Students can change the mean or standard deviation and see the effect on the normal curve. Students can click on the plot to verify that the mean is the center of the curve.  
Normal Empirical Rule  Define any normal distribution by specifying a mean and a standard deviation. Verify that the area within a certain number of standard deviations of the mean is not affected by the particular choice of parameters. 
Normal Calculator The calculator above takes the place of the traditional textbook table. The calculator can be used in two ways. To find Prob<Z for a Z score, enter a value in the "Area left of" box and hit "Return". The answer is given in red in the "=" box. To find the Z score for a probability, enter a value under in the "=" box and hit "Return". The Z score is given in the "Area left of" box. In each case the graphic provides a visual display of the probability in red. Note that this calculator works for any values of the mean and standard deviation. When thinking in terms of Z scores, you should use 1 as the standard deviation and 0 as the mean. 

T Demonstration  By changing the number of degrees of freedom in a tdistribution, students can see how the pdf changes. They also have the option of overlayng the standard normal curve so that they can see the convergence.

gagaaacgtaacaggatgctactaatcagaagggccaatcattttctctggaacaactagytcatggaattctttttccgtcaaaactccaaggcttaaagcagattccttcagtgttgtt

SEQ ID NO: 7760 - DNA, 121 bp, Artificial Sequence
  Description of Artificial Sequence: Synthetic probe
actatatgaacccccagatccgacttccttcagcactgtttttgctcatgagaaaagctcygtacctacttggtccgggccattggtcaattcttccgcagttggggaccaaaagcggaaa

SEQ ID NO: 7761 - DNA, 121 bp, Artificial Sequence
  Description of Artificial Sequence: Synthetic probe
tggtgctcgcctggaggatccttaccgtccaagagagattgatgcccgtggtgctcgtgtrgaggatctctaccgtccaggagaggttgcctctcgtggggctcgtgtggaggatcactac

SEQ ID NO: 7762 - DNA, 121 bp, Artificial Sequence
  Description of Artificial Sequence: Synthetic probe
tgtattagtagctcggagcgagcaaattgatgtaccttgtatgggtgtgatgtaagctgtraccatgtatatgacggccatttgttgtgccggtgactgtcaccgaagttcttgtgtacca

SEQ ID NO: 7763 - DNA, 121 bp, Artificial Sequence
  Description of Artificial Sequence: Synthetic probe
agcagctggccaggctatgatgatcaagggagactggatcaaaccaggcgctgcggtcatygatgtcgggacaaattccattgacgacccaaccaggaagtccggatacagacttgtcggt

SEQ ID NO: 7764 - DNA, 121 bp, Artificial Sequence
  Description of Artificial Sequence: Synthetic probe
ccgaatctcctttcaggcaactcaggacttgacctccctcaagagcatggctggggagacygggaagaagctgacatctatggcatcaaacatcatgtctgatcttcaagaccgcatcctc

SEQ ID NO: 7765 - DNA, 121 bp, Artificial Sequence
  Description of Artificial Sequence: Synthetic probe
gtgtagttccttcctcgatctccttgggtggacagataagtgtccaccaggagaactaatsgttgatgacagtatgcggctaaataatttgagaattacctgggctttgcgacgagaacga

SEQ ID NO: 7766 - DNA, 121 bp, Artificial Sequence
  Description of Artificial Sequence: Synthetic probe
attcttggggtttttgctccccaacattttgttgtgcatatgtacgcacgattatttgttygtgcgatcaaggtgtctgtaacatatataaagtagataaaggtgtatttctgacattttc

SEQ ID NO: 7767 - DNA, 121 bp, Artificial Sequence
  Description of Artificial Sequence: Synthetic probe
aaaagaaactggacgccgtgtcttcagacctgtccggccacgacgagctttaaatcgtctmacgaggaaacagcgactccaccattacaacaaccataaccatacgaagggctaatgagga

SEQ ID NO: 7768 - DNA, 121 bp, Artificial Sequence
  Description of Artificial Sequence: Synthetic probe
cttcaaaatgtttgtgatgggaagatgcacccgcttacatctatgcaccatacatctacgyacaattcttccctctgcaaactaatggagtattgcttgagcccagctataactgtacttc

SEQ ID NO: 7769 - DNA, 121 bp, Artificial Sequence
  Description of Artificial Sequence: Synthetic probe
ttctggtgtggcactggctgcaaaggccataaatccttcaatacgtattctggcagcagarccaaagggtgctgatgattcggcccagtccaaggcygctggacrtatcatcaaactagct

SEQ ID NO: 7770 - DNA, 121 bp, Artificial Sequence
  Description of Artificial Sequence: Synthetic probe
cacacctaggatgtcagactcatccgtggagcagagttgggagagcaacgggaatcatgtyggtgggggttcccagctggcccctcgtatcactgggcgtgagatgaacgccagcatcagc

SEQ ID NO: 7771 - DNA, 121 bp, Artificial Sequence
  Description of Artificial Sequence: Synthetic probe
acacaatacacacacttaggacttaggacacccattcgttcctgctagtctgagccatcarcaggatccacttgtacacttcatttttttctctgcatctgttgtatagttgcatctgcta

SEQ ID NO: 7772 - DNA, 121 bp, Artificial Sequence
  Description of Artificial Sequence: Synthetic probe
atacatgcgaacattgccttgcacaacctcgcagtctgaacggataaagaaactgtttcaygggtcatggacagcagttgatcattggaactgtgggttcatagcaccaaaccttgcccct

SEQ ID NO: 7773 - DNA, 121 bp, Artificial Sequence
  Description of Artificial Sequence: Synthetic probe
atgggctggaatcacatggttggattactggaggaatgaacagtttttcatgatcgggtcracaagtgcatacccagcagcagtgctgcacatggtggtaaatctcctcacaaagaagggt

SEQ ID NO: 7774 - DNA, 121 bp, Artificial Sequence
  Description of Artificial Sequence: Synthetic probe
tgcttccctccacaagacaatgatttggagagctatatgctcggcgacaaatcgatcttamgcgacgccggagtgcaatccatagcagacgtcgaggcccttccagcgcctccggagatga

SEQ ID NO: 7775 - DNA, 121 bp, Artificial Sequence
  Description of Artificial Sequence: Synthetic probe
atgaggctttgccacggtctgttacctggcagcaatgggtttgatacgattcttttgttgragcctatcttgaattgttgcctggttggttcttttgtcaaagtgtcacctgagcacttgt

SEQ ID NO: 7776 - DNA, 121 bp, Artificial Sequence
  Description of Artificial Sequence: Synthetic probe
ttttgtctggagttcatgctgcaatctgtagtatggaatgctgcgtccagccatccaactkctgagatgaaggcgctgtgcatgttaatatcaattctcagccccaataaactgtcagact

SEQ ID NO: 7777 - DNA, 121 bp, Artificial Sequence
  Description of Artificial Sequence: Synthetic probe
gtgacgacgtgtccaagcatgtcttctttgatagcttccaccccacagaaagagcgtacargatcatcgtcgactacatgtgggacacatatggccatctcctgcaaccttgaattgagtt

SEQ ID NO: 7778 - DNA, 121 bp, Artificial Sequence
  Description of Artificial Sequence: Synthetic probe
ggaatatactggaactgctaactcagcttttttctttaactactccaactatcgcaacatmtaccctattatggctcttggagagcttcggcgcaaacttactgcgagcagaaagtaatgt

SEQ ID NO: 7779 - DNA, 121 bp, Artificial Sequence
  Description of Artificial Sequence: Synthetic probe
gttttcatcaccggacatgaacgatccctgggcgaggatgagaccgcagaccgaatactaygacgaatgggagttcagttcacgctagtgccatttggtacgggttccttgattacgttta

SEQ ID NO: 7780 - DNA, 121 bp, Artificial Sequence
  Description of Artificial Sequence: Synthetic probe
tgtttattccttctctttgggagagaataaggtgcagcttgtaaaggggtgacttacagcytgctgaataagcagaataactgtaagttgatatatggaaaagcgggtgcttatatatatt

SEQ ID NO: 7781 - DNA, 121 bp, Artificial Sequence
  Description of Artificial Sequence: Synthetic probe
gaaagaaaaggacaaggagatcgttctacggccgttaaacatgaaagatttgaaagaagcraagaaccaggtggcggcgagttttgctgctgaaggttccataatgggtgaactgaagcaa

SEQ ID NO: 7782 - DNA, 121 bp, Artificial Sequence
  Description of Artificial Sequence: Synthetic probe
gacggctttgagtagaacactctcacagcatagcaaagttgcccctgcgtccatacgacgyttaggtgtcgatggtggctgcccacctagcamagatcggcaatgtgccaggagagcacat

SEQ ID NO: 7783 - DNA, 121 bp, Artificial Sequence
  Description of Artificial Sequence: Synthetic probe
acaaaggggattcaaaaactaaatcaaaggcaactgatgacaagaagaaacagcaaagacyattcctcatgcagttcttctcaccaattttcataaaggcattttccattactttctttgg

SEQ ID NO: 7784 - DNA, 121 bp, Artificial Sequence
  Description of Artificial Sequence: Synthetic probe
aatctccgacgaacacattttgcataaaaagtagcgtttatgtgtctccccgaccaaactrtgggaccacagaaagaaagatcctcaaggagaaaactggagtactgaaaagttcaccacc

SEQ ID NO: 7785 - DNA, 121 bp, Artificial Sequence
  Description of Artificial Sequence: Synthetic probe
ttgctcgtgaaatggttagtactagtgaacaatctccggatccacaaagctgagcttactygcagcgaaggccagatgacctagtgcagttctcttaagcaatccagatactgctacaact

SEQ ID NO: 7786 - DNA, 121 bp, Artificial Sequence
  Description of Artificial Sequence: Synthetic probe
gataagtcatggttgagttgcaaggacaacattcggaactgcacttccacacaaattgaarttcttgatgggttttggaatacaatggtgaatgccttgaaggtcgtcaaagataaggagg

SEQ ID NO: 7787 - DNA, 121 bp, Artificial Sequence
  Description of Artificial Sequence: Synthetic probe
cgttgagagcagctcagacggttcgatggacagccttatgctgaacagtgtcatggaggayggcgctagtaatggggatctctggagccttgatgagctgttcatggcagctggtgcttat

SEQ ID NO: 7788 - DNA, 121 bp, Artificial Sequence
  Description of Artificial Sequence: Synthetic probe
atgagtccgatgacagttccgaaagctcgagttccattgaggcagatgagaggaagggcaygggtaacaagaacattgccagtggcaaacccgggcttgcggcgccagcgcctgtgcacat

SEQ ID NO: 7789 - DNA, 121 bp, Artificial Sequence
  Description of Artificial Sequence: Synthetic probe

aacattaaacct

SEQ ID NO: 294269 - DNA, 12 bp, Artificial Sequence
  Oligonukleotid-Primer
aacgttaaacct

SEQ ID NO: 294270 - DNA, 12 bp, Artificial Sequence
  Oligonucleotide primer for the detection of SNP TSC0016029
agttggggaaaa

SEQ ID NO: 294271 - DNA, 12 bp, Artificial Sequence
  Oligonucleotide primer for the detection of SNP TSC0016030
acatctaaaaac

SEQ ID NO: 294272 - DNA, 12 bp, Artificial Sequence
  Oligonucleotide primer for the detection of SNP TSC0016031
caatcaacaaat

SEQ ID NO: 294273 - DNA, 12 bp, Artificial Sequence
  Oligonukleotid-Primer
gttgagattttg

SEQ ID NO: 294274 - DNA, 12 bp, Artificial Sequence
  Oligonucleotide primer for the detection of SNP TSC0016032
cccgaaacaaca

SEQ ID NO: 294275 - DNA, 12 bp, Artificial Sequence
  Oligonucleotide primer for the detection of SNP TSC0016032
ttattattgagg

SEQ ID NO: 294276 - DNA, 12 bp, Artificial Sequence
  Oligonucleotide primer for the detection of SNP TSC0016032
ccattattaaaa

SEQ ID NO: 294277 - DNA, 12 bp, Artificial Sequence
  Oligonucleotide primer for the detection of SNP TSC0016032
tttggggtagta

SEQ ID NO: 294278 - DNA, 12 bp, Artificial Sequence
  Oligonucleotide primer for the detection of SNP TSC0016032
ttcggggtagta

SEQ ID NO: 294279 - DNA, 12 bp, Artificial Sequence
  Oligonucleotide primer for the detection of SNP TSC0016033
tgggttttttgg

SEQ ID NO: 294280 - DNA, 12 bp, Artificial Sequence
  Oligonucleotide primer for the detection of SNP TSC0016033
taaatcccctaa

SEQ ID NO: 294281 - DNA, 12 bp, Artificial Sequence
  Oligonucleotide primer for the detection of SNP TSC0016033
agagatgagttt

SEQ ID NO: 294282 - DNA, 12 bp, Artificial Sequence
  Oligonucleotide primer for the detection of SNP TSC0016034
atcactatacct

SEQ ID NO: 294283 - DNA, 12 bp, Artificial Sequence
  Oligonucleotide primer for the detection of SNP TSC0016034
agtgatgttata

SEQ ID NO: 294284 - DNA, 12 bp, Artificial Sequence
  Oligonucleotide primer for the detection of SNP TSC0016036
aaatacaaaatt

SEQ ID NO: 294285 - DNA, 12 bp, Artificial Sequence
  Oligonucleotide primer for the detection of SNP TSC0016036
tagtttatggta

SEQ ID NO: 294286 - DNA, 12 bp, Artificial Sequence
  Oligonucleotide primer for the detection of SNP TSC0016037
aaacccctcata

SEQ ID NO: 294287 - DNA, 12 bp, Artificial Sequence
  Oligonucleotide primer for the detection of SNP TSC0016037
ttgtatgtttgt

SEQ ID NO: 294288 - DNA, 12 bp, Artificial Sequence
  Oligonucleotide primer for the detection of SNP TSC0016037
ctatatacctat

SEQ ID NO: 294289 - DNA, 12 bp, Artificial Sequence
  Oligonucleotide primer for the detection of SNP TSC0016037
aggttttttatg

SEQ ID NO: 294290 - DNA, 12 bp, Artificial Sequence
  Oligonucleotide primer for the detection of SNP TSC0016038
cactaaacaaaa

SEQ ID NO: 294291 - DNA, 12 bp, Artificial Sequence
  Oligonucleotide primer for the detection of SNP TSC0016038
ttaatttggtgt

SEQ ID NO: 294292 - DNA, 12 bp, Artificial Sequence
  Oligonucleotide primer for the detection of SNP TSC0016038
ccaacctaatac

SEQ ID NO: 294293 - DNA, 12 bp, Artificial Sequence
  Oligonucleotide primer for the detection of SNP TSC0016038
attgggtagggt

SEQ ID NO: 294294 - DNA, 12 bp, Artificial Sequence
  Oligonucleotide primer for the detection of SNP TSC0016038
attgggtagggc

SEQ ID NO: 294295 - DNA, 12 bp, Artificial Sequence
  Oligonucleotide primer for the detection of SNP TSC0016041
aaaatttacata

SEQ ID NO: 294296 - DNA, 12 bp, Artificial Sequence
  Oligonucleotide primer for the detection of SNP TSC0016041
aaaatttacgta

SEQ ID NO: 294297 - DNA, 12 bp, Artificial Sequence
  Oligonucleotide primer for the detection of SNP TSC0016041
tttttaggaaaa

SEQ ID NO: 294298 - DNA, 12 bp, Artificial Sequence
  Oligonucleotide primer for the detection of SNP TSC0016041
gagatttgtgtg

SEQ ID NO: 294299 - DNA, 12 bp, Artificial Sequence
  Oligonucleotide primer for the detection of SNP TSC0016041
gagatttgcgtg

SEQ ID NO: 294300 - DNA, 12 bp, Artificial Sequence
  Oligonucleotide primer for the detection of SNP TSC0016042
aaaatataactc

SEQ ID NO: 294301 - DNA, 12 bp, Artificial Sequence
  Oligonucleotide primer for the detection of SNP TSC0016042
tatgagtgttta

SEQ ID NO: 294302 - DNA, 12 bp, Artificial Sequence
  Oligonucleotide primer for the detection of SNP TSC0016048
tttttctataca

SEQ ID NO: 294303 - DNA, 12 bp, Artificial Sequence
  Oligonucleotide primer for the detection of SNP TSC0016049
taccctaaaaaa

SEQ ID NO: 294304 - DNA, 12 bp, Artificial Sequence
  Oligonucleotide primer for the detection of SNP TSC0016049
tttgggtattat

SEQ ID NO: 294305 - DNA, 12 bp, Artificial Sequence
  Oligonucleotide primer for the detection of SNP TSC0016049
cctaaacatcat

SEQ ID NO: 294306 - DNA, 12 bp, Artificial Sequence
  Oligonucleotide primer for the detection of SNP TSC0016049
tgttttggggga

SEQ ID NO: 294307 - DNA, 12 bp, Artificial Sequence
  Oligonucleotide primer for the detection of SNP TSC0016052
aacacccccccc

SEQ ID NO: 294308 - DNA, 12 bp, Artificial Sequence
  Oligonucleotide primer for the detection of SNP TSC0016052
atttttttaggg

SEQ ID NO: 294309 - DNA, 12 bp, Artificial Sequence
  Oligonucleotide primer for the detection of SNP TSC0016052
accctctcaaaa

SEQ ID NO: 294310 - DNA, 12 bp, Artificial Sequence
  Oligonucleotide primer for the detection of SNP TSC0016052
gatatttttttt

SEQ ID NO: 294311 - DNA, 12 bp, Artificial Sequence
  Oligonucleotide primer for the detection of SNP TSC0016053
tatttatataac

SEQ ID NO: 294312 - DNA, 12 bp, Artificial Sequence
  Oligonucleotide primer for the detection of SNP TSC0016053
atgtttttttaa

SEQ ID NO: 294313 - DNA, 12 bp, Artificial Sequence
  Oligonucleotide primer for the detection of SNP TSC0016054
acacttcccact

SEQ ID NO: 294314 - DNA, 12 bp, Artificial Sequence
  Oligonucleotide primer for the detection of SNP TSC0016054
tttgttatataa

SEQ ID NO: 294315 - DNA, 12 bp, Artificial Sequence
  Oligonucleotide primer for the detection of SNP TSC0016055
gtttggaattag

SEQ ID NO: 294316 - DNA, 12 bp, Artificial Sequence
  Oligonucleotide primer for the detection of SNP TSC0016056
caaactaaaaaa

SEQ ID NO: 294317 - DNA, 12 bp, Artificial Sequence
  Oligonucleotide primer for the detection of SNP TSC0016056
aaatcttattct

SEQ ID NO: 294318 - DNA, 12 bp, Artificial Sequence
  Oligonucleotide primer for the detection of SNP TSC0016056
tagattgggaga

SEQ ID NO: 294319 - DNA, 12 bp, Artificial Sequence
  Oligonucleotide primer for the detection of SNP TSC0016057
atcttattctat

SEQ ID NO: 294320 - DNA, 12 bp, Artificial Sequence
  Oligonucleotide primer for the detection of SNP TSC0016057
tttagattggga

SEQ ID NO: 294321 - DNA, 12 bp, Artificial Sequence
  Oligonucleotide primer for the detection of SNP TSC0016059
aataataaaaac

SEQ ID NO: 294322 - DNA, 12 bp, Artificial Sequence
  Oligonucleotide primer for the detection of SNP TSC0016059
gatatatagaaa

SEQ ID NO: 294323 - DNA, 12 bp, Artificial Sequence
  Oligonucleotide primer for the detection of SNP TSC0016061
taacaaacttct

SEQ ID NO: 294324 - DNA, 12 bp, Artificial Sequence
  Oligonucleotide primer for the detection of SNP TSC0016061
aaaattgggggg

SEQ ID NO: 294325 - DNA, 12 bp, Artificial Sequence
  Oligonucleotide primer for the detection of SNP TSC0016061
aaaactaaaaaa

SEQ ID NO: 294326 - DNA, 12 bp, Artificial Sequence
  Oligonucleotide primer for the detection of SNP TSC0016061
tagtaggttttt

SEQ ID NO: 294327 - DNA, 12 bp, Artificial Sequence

T Calculator The calculator above takes the place of the traditional textbook table. First, enter the appropriate number of degrees of freedom in the top box. Then, the calculator can be used in two ways. To find chi square critical values, enter a probabilitiy in the "=" box and hit "Compute!". The answer is displayed in the "Area right of" box. To Find tail probabilities (or pvalues), enter the chi square value in the "Area right of" box and hit "Compute!". The probability will be displayed in the "=" box. In either case, the probability is represented graphically. 

Chisquare Demonstration  By changing the number of degrees of freedom in a chi square distribution, students can see how the pdf changes. 
Chisquare Calculator The calculator above takes the place of the traditional textbook table. First, enter the appropriate number of degrees of freedom in the top box. Then, the calculator can be used in two ways. To find chi square critical values, enter a probabilitiy in the "=" box and hit "Compute!". The answer is displayed in the "Area right of" box. To Find tail probabilities (or pvalues), enter the chi square value in the "Area right of" box and hit "Compute!". The probability will be displayed in the "=" box. In either case, the probability is represented graphically.